AMD has been doing a lot of exciting innovation. Cloud native and cloud applications may not seem like the first thing you think of with a long-time silicon chip leader. The truth is that AMD has been cloud-centric for far longer than many realize.
AMD and the public cloud have been a great pairing. Lots of innovation lately has been focused on EPYC processors and the effects on cloud performance.
It Begins and Ends with the Application Workload
Robert Hormuth is a great technologist and strategist. I’ve been lucky enough to see Robert present on platform innovation at AMD.
What I was especially please by was beginning with the most important part of the story: the application.
Dom0 – Where Privilege Begins
The concept of Dom0 was that the majority of the control point is at Dom0 which is started with the hypervisor. Dom0 virtualizes access to services and resources. A “smart” NIC or is meant to provide virtualized services to the host. It could be NVMe, NVMeOF, DRAM, or other connectivity and the accelerator cards are purpose-built to solve some challenging scale issues.
A DPU as the advantage of being able to get more CPU cycles by offloading resources. That leads to more determinism and performance-centric options so customers can move towards more services like FaaS and microservices.
You didn’t need a DPU to do this, but you do to do it with high-performance and optimal efficiency. When it comes to the cloud, that translates to real dollar cost optimization as well! Current users of functions will likely know the pain and costs of cold starts, unexpected long running functions, and other idiosyncrasies of the FaaS services.
Abstraction is also key. By abstracting the underlying hardware you reduce the hard dependencies and tight coupling that is a risk to build on. That said, the abstraction also introduces some risks to performance because abstraction inherently adds latency.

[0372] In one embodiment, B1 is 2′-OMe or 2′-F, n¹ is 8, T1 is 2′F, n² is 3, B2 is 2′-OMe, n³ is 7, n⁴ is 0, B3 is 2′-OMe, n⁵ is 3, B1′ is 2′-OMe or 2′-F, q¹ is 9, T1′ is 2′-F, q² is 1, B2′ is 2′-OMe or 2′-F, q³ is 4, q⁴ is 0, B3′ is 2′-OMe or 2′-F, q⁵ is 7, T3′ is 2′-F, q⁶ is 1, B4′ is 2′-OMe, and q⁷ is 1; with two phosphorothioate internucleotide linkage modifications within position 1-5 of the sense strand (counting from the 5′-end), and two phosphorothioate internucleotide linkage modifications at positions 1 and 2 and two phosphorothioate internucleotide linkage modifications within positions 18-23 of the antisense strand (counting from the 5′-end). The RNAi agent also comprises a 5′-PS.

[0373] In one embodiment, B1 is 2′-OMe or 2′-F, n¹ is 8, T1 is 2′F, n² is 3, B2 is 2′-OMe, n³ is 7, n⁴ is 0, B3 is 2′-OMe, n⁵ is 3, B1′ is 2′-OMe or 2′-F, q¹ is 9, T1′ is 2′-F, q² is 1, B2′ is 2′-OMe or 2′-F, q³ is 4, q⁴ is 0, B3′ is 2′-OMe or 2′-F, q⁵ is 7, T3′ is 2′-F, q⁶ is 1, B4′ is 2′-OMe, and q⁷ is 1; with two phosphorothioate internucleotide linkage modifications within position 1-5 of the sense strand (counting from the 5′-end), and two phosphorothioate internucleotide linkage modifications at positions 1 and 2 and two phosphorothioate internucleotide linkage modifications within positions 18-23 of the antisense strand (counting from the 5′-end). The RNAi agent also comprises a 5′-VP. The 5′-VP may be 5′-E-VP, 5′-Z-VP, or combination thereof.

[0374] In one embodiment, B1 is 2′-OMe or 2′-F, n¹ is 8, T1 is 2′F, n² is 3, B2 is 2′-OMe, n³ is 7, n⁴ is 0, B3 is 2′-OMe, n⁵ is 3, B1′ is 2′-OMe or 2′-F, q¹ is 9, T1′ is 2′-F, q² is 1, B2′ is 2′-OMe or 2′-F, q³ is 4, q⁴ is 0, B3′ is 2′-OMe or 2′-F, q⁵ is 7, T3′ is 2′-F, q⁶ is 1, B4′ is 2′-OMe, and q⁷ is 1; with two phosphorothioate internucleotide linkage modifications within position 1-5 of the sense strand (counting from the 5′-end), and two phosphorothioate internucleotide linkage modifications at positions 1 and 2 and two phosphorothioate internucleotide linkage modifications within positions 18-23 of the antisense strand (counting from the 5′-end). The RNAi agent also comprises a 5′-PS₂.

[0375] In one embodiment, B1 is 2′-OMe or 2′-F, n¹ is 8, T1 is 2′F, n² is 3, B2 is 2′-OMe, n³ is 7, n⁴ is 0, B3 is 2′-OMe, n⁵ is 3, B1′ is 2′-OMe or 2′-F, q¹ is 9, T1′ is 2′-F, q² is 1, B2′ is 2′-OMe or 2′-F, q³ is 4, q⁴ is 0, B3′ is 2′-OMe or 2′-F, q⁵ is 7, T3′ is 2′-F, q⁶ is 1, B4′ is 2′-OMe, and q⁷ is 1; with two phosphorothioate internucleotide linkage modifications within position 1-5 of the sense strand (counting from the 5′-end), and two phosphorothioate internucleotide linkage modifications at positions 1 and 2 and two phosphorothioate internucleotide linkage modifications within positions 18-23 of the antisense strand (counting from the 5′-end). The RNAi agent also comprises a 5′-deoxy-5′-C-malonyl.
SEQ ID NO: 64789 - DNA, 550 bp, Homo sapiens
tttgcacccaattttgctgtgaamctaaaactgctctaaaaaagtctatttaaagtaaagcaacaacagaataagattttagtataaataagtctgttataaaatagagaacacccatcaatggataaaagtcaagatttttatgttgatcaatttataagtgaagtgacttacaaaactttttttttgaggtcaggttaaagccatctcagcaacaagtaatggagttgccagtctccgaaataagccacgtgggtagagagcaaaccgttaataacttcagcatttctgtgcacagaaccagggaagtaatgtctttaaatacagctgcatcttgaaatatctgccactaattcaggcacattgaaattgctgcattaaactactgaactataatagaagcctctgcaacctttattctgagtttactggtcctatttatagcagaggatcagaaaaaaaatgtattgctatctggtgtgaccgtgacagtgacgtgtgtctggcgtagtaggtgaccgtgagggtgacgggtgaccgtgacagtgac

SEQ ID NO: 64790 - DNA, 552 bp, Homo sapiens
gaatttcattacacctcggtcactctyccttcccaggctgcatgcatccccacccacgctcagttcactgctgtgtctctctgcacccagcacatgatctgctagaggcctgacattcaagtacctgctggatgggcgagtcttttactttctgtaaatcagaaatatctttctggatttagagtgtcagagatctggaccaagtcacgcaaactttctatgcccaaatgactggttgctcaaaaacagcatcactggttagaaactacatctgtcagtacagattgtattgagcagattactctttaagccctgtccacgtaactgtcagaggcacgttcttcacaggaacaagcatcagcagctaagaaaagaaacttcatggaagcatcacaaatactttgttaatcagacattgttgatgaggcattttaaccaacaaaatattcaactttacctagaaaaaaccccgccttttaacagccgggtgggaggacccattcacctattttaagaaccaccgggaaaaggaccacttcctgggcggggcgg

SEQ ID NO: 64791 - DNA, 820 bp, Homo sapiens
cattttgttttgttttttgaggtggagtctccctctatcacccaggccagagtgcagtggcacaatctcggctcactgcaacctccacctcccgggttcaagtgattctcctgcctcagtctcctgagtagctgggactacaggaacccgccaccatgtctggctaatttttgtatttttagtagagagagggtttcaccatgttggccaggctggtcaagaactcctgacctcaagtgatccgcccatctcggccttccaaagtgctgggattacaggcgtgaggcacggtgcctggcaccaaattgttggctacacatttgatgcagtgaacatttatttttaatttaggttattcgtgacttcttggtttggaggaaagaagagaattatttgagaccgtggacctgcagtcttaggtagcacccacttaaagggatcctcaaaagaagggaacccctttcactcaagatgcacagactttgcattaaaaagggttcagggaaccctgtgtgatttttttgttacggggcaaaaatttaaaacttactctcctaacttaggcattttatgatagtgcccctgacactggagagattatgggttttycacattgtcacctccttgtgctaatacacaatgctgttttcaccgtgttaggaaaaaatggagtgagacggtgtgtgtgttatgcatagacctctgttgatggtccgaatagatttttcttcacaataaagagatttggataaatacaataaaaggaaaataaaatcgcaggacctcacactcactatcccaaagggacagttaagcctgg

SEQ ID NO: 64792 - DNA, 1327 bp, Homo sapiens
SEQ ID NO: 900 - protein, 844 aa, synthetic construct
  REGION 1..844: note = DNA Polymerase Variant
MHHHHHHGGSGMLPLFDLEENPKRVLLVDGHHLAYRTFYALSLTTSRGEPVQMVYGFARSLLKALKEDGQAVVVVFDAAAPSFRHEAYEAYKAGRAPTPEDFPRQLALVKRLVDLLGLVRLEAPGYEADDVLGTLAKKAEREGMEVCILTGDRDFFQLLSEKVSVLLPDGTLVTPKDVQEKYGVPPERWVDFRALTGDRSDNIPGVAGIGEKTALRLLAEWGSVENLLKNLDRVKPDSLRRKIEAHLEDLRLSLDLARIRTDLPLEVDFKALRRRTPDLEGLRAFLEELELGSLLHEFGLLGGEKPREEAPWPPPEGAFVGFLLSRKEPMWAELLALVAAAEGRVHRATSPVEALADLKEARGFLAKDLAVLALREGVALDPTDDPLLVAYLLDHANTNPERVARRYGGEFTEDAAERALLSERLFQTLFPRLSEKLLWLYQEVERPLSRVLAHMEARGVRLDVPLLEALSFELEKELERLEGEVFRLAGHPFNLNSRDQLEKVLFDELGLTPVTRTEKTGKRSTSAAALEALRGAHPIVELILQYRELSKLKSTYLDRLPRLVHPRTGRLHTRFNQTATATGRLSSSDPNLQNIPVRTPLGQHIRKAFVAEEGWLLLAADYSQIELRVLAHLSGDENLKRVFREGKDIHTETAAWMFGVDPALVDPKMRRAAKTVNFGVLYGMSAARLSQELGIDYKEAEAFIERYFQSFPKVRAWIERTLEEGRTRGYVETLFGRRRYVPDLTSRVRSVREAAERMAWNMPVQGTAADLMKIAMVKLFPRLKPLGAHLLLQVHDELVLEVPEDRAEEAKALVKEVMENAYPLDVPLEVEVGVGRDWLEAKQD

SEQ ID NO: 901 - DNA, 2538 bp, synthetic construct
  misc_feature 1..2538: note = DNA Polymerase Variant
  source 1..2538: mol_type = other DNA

Extending Moore’s Law is something that you hear a lot about from AMD. It’s an economic law more than a technology challenge. How can we innovate technology WHILE maintaining a value/profit curve that satisfies both the manufacturer and the consumer.
Innovating for peak performance on varying workloads is a terrifying challenge. I know, I’ve been in systems optimization for a couple of decades 😁
By approaching the problem using chiplets to give purpose-built specialization in a smaller form factor, AMD is aiming to create a composable architecture that adapts to the workload requirements.
Architected for Optimization
AMD designed the chiplet architecture to make a more pluggable way to deliver more capabilities and also manages to deliver lower power demand for the same level of performance.
They can deliver the same bandwidth as competitive hardware because of optimizations such as the central pool of memory. Among some advantages, the theoretical and tested bandwidth in competitive offerings shows that AMD is hitting benchmarks that have proven their promises of performance.
When adding AMX to the CPU, you are adding a bandwidth eater into the system. Accelerators may be able to add some optimization for particular workload patterns. What was interesting was seeing how AMD has compared in a Noisy Neighbor test.
The measured result of using optimizations proved out in reality to keep bandwidth available despite the increased load.
My Thoughts on AMD at Cloud Field Day
Great work, as always, by Robert on the presentation.
There is an amazing amount of change coming in the world of CPU, GPU, DPU, and how these resources are interconnected. I am excited by seeing CXL become the path towards more composable architectures. I anticipate AMD will soon be sharing more performance innovations and improvements at both the chip level and at the system level.
Make sure to check out the AMD presentations from today and the past at the Tech Field Day website.
Check out AMD at their main site:
DISCLOSURE: My travel expenses were covered by Tech Field Day (GestaltIT) for the event. All analysis and content is my opinion from the presentation, discussion, and independent research.